Standing up for marriage equality is the right thing to do both morally and politically. Let’s urge President Obama to do so. (More)
Dear President Obama:
I write as a proud supporter to urge you to take a stand on the civil rights issue of our time and to strongly and publicly support marriage equality.
Last Friday, New York became the sixth state in our country to legalize gay marriage by passing legislation that was strongly supported by Gov. Andrew Cuomo, New York City Mayor Mike Bloomberg, grassroots activists throughout the state, and even four Republican state senators. Even before this vote, many were asking where you are on this issue. Now, with the New York victory having occurred, the questions are piling up.
I strongly disagree with the critics who suggest that you are not a friend of the LGBT community. In fact, your administration has done more to advance policies supporting LGBT equality than any other. I and tens of millions of other Americans thank you for keeping your promise to end Don’t Ask Don’t Tell, ending the legal defense of the indefensible Defense of Marriage Act, requiring all hospitals that accept Medicare or Medicaid to ensure equal visitation rights to LGBT Americans, extending employee benefits to same-sex partners of federal employees, and lifting the HIV Entry Ban. We still have a far ways to go to achieve full equality in the U.S., and I strongly believe that you are a friend and ally in that continuing struggle.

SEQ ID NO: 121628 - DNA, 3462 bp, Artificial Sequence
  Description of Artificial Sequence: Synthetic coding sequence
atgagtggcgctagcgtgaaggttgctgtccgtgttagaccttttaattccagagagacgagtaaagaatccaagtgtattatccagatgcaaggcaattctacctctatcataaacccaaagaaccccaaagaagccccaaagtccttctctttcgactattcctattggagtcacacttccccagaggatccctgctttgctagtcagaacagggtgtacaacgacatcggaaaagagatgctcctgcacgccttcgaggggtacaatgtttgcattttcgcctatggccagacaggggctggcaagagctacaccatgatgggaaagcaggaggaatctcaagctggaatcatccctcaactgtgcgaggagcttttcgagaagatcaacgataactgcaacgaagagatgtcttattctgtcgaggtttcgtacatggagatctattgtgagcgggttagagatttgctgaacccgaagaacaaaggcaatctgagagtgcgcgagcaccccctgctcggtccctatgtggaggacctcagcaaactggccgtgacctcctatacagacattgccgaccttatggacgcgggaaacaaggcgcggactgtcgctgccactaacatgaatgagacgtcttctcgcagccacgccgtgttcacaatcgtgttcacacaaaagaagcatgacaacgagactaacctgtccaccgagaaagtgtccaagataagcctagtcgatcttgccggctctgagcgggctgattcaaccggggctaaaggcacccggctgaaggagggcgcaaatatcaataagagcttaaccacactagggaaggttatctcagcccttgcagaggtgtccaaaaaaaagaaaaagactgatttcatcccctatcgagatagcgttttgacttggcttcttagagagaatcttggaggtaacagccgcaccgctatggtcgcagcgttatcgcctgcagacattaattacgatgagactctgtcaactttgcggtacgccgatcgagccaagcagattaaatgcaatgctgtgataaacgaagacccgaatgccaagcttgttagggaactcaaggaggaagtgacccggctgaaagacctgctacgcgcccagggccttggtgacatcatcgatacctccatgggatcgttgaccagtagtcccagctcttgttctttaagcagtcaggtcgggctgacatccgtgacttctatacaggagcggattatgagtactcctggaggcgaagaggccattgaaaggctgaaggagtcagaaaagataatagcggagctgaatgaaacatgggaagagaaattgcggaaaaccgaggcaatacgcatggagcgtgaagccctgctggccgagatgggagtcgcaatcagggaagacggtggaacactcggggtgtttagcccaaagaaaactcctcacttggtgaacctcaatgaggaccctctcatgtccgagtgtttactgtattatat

That being said, the statements from folks in your administration that your position on marriage equality is “evolving” or that you are “grappling” with the issue simply do not cut it. Having watched you answer questions about civil unions and marriage equality during the primary campaign for your 2004 U.S. Senate run, I believe that you have privately supported marriage equality for a long time now, as the delivery of your answers suggest that you didn’t find the distinctions you were offering for supporting civil unions but opposing marriage equality convincing. But, regardless, now is the time for you to stand up on this issue for at least four reasons.
1. It is morally the right thing to do – Marriage equality is an issue of fundamental fairness. As straight people, you and I were able to marry our spouses with no impediment from the state or federal government. But in most states, our fellow LGBT Americans are not allowed to make that commitment to the persons they love. As a result, LGBT Americans are not able to honor and proclaim their relationships in the same way that other Americans are, and LGBT Americans are denied access to the more than 1,000 legal rights that accompany marriage in the U.S. Such unequal treatment is morally wrong, and should not continue in a country that prides itself on equal rights for all.